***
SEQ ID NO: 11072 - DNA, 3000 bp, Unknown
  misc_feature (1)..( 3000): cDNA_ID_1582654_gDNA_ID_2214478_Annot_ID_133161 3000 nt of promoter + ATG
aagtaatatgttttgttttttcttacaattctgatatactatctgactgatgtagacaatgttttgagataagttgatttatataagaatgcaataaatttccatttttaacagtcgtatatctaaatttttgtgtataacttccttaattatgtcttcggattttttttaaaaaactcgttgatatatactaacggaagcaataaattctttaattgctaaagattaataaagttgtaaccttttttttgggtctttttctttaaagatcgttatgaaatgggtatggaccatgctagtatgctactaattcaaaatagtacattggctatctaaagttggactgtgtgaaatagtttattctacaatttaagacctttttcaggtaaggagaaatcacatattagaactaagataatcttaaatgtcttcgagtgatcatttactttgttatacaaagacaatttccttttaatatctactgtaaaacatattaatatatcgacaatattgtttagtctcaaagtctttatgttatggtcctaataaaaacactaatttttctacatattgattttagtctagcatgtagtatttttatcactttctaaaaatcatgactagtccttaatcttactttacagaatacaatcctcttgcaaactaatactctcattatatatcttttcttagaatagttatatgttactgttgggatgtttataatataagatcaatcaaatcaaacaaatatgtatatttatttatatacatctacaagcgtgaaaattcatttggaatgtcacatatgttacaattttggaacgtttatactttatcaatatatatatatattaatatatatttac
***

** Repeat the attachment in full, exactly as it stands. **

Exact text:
SEQ ID NO: 11072 - DNA, 3000 bp, Unknown
  misc_feature (1)..( 3000): cDNA_ID_1582654_gDNA_ID_2214478_Annot_ID_133161 3000 nt of promoter + ATG
aagtaatatgttttgttttttcttacaattctgatatactatctgactgatgtagacaatgttttgagataagttgatttatataagaatgcaataaatttccatttttaacagtcgtatatctaaatttttgtgtataacttccttaattatgtcttcggattttttttaaaaaactcgttgatatatactaacggaagcaataaattctttaattgctaaagattaataaagttgtaaccttttttttgggtctttttctttaaagatcgttatgaaatgggtatggaccatgctagtatgctactaattcaaaatagtacattggctatctaaagttggactgtgtgaaatagtttattctacaatttaagacctttttcaggtaaggagaaatcacatattagaactaagataatcttaaatgtcttcgagtgatcatttactttgttatacaaagacaatttccttttaatatctactgtaaaacatattaatatatcgacaatattgtttagtctcaaagtctttatgttatggtcctaataaaaacactaatttttctacatattgattttagtctagcatgtagtatttttatcactttctaaaaatcatgactagtccttaatcttactttacagaatacaatcctcttgcaaactaatactctcattatatatcttttcttagaatagttatatgttactgttgggatgtttataatataagatcaatcaaatcaaacaaatatgtatatttatttatatacatctacaagcgtgaaaattcatttggaatgtcacatatgttacaattttggaacgtttatactttatcaatatatatatatattaatatatatttac